Reporting Alex DeMetrick
BALTIMORE/WILMINGTON, Del. (WJZ/AP) — Going, going… gone. A judge has approved a winning bid in the auctioning of RG Steel in Sparrows Point.
Alex DeMetrick reports it’s a bleak development that may just hold a glimmer of hope.
A federal bankruptcy judge in Delaware has approved the sale of assets of the steelmaker in Ohio and Maryland.
The sale orders approved Wednesday by U.S. Bankruptcy Judge Kevin Carey include the $72 million purchase of the Sparrows Point steel mill near Baltimore to Hilco Industrial, a company that specializes in industrial liquidations.
RG Steel said it began having substantial liquidity problems last year as steel prices sank while raw material prices remained at peak levels, and that it also faced significant setbacks in restarting its Sparrows Point factory. A blast furnace there was idle when Renco acquired the former Bethlehem Steel facility from Russian-owned Severstal North America in a $1.2 billion deal that also included plants in Wheeling, West Va., and Warren.
Meanwhile, Carey also approved the sale of RG Steel’s assets at its Yorkville, Ohio, facility to Esmark Steel Group. Esmark bid $4.75 million for the Yorkville assets last month, agreeing to offer jobs to at least 230 employees at the site. Esmark offered an additional $400,000 for mineral interests related to the Yorkville sale.
Carey also was asked to approve the sale of RG Steel’s Warren, Ohio, facility to Pennsylvania-based C.J. Betters Enterprises for $16 million. Betters has said it would like to restart operations at the Warren mill.
Not all that long ago, steel-making at Sparrows Point made the mill a billion-dollar operation. At auction, it went for $72.5 million.
“Everybody thought they had a perfect job there, but it went bankrupt on them,” Jimmy Iman, a former steel worker, said.
RG Steel was in trouble last winter. The nation’s fourth-largest flat-rolled steel manufacturer sought bankruptcy protection in late May, citing financial struggles with low steel prices and high raw material costs.
Since the bankruptcy filing, RG Steel has been working to sell off assets in order to satisfy secured lenders who are owed some $450 million and have liens on virtually all of the company’s assets.
RG Steel, which had an annual production capacity of more than 8 million tons, was formed in March 2011 as a wholly owned subsidiary of the privately held Renco Group. The company sought bankruptcy protection a week after announcing it would idle factories in Maryland, West Virginia and Ohio and lay off thousands of employees.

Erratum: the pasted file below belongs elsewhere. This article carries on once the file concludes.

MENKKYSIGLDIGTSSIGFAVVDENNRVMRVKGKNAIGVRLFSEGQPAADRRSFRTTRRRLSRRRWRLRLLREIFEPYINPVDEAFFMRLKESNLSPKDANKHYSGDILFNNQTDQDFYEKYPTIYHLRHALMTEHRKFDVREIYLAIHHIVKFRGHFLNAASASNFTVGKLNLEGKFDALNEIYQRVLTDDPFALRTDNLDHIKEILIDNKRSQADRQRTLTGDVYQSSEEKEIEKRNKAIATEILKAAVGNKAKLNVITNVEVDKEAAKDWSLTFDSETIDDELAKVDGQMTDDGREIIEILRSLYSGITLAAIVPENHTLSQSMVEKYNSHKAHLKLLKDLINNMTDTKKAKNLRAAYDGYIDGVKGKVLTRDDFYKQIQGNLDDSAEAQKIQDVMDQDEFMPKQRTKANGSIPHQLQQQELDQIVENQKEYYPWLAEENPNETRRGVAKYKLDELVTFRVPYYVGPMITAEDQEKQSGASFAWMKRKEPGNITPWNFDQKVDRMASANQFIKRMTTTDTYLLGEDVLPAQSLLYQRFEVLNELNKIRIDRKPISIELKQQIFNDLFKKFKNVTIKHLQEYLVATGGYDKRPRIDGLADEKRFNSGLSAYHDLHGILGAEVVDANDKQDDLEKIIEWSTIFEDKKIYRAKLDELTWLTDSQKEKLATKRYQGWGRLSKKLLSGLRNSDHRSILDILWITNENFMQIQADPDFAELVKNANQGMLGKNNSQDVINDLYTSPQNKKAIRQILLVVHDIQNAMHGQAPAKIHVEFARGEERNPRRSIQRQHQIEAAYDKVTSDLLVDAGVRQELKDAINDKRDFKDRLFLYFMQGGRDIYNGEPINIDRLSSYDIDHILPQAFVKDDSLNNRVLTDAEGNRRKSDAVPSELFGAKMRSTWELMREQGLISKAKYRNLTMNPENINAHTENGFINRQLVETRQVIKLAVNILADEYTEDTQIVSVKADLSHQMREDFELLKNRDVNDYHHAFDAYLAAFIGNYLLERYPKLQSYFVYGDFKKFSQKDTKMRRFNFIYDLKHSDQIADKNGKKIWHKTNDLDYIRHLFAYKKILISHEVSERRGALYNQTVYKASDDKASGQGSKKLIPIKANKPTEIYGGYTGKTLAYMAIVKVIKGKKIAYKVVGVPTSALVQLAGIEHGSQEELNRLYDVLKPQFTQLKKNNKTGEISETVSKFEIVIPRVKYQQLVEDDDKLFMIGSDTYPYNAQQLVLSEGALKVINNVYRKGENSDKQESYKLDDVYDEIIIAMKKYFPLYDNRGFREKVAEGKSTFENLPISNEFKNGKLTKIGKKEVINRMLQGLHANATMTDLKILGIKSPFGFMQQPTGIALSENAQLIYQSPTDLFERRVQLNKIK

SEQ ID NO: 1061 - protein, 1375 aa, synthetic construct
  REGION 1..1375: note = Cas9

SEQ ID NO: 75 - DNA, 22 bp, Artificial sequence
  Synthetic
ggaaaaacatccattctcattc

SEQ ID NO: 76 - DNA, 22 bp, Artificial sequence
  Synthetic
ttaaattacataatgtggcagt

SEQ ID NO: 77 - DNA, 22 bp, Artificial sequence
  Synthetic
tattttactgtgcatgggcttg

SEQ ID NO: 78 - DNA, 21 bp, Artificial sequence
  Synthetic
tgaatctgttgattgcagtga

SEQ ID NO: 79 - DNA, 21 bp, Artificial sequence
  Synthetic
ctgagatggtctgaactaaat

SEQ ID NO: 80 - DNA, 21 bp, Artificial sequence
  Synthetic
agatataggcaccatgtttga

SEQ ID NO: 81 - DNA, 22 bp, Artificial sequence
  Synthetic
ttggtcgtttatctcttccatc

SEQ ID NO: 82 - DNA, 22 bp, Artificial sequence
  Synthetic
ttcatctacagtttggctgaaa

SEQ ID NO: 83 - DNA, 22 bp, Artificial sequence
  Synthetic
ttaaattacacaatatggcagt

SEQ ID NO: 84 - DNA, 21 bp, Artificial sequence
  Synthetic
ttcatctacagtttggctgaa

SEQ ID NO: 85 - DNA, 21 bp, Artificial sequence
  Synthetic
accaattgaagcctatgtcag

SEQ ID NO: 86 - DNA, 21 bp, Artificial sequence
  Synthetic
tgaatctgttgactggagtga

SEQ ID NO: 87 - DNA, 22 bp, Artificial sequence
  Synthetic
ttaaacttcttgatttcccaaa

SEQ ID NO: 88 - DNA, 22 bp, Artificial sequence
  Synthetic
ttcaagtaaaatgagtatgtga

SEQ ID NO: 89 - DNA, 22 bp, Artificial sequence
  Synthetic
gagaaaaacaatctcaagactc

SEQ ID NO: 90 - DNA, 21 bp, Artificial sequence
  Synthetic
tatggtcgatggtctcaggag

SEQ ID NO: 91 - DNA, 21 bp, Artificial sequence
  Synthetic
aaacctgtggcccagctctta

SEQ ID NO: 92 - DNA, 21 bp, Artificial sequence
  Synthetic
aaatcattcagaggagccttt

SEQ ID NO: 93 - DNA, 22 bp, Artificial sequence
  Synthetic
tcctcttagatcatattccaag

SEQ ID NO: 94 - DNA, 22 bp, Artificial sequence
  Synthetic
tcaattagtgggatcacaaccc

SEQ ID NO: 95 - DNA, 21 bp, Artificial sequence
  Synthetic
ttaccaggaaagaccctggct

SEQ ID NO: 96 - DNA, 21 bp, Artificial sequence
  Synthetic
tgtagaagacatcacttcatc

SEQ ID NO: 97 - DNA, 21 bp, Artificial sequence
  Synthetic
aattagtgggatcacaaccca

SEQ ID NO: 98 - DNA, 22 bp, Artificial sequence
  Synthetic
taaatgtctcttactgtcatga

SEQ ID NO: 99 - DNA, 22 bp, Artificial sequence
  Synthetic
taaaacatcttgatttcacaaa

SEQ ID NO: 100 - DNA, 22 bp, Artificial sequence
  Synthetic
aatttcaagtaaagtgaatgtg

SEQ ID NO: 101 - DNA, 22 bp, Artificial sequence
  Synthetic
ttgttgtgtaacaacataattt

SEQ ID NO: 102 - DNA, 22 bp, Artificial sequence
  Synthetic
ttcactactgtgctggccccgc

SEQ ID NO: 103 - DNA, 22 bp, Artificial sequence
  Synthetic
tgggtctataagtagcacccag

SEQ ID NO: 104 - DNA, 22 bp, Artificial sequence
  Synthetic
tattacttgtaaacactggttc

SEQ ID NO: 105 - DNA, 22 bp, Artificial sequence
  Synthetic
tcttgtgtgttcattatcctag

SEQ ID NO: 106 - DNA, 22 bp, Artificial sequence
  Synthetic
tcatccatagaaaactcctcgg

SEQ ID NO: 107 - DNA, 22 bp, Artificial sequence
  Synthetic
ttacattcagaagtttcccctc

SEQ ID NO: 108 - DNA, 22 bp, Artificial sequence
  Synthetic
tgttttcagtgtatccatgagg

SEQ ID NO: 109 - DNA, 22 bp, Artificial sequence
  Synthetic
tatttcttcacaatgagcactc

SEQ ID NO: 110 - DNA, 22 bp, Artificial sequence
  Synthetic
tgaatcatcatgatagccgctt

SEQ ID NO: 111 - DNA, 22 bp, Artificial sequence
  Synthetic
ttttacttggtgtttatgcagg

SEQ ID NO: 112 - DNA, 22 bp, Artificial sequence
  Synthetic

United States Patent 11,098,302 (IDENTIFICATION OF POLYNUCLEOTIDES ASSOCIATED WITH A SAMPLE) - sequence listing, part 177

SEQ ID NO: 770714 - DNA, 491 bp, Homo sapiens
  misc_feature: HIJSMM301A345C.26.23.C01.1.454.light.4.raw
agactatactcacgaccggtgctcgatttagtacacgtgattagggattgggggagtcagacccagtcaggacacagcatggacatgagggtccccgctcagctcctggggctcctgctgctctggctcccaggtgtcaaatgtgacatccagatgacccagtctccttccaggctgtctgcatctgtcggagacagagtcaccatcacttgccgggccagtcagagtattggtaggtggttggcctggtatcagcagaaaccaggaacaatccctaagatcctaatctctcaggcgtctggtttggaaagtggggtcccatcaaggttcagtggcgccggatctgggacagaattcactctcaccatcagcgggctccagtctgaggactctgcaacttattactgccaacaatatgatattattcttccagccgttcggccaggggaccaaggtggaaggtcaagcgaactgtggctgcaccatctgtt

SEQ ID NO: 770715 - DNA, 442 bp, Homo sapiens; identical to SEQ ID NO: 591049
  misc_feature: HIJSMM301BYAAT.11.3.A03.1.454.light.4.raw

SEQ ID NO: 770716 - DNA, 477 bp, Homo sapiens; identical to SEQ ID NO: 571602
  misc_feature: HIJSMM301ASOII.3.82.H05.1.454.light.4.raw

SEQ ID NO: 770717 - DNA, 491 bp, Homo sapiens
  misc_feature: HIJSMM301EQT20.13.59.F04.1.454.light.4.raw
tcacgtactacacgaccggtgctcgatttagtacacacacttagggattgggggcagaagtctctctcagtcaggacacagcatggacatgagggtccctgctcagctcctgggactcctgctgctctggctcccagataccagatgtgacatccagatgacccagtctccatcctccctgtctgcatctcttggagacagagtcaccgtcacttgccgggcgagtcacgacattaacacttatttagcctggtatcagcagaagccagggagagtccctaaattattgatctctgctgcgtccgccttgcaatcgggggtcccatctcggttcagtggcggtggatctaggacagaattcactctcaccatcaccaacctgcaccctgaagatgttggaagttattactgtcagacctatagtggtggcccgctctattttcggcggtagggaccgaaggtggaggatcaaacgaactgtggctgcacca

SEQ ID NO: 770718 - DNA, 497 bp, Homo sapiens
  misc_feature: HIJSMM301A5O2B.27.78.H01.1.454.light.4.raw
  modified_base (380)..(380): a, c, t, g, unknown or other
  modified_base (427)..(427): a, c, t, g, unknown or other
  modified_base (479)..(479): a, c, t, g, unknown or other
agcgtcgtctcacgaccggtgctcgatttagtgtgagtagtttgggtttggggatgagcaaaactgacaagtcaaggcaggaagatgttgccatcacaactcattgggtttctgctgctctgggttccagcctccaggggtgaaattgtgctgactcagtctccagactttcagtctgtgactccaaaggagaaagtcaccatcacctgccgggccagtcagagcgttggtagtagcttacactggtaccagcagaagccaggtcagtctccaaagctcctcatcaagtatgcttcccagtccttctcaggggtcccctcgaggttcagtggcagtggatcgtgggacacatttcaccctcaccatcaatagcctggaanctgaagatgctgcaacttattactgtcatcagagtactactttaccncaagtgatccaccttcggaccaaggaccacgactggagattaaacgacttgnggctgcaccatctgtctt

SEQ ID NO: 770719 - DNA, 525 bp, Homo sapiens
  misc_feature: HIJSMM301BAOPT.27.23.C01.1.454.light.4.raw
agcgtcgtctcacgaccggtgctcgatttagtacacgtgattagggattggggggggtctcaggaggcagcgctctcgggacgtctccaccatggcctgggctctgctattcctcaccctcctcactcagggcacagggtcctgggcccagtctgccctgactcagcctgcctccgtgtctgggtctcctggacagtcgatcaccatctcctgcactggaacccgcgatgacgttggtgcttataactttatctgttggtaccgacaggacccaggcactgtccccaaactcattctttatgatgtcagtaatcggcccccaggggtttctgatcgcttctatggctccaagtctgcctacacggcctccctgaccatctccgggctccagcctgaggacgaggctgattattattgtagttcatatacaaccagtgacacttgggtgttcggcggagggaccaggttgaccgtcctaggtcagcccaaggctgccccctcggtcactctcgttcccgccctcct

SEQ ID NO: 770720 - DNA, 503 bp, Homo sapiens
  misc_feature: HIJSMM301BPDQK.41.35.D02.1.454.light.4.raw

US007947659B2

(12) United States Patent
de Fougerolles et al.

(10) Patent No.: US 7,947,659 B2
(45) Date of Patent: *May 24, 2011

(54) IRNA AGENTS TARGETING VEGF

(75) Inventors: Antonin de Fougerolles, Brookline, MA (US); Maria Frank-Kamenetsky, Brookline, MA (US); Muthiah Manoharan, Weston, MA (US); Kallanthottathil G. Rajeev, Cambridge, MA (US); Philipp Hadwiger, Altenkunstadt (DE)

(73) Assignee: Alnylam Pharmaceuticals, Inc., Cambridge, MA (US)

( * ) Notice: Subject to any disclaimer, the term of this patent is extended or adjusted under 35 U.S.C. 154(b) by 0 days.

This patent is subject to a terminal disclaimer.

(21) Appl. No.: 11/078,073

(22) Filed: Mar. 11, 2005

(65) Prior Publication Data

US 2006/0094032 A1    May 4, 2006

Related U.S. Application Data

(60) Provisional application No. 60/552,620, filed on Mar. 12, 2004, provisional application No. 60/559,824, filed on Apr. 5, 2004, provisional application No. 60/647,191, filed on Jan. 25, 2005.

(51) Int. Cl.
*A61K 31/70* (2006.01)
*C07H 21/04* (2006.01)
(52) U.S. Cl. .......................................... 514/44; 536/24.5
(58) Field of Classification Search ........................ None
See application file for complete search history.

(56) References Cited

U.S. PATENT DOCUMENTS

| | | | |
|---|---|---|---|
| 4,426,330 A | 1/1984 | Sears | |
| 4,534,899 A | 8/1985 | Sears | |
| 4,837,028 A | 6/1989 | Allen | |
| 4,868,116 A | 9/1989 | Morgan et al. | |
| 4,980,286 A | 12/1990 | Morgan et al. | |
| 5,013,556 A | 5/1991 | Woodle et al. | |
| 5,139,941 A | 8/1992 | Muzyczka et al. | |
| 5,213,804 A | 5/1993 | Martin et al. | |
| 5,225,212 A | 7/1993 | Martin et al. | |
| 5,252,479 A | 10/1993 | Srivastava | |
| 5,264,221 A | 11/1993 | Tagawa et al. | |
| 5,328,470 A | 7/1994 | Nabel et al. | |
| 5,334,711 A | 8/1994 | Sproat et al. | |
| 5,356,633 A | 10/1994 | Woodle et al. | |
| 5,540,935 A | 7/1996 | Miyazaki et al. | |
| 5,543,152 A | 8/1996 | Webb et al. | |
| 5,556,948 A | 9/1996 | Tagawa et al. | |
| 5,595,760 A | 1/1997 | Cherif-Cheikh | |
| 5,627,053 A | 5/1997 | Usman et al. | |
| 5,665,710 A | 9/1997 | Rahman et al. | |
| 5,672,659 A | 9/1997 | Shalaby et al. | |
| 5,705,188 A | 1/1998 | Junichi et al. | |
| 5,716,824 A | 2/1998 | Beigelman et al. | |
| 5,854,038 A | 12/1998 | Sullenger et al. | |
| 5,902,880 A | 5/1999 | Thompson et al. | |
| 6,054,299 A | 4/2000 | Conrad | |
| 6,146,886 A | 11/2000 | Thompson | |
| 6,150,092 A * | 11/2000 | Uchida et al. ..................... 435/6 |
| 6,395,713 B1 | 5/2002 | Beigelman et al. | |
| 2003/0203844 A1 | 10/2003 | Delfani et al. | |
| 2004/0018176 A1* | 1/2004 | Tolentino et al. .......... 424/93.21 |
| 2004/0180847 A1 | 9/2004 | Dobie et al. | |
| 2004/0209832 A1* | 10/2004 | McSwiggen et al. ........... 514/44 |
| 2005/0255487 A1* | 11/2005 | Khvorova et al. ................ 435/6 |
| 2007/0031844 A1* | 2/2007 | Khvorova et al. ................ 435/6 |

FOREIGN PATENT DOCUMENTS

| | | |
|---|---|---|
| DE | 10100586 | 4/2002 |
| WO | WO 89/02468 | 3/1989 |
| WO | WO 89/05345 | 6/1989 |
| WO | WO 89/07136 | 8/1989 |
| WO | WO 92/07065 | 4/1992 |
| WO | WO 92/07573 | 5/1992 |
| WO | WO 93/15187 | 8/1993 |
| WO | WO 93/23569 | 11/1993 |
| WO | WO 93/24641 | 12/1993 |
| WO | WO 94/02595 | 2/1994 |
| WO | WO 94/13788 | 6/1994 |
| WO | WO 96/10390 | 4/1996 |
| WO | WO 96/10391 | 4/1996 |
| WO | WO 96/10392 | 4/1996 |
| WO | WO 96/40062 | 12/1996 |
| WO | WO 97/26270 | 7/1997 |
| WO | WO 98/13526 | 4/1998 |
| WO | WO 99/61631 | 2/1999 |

Closing down had 2,000 Maryland workers applying for unemployment when the state helped secure a loan to keep the plant open.
“And get our steel workers back to work at Sparrows Point,” Gov. Martin O’Malley said at the time.
“Everybody back to work is definitely good news,” one steel worker said.
“I’ve been on pins and needles wondering if the plant was going to survive,” said another.
But the sale to Hilco, which dismantled and sold-off Borders, made survival look bleak. But not hopeless.
“A plant like this with one of the best blast furnaces in the world and ocean-access port, one of the best coal mills in the country, that eventually it becomes a no-brainer at these kind of prices for somebody to run this steel plant,” Joe Rosel, president of the local union, said.
And while Hilco may well sell older, unused sections for scrap, the company now says it will look for someone to make steel.
“I think the key is trying to attract a new owner who has a more vertical approach to steel making,” Baltimore County Executive Kevin Kamenetz said.
That means someone who already has the raw materials to make steel, a big expense that doomed RG Steel’s operation.
At root of the optimism is the hope some future buyer will smell a bargain.
“They’re going to get the deal of the century for what they’re going to have to pay for this plant,” Rosel said.
While still far from certain steel will roll again, it might not be the end of the line.
According to a statement by the plant’s new owner, a search will be made to find operators who will reopen parts or all of the steel mill.
Meanwhile, in connection with the sale of the Sparrows Point site, attorneys agreed to establish a $500,000 escrow fund to pay for offshore investigation of water contamination. Hilco and its partner, Environmental Liability Transfer, also agreed to assume RG Steel’s obligations under a water-quality monitoring agreement with environmental regulators.
After a lengthy dispute over monitoring for toxic contaminants at the Sparrows Point site, RG Steel reached an agreement with the U.S. Environmental Protection Agency and Maryland environmental regulators late last year requiring the company to sample sediments no more than 50 feet offshore.
Environmentalists are challenging a federal judge’s approval of the agreement. They contend that contaminants have been found much farther offshore and that the scope of the monitoring agreement, which stems from a 1997 consent decree between environmental regulators and the mill’s former owner, Bethlehem Steel Corp., should be expanded.
(Copyright 2012 by The Associated Press. All Rights Reserved.)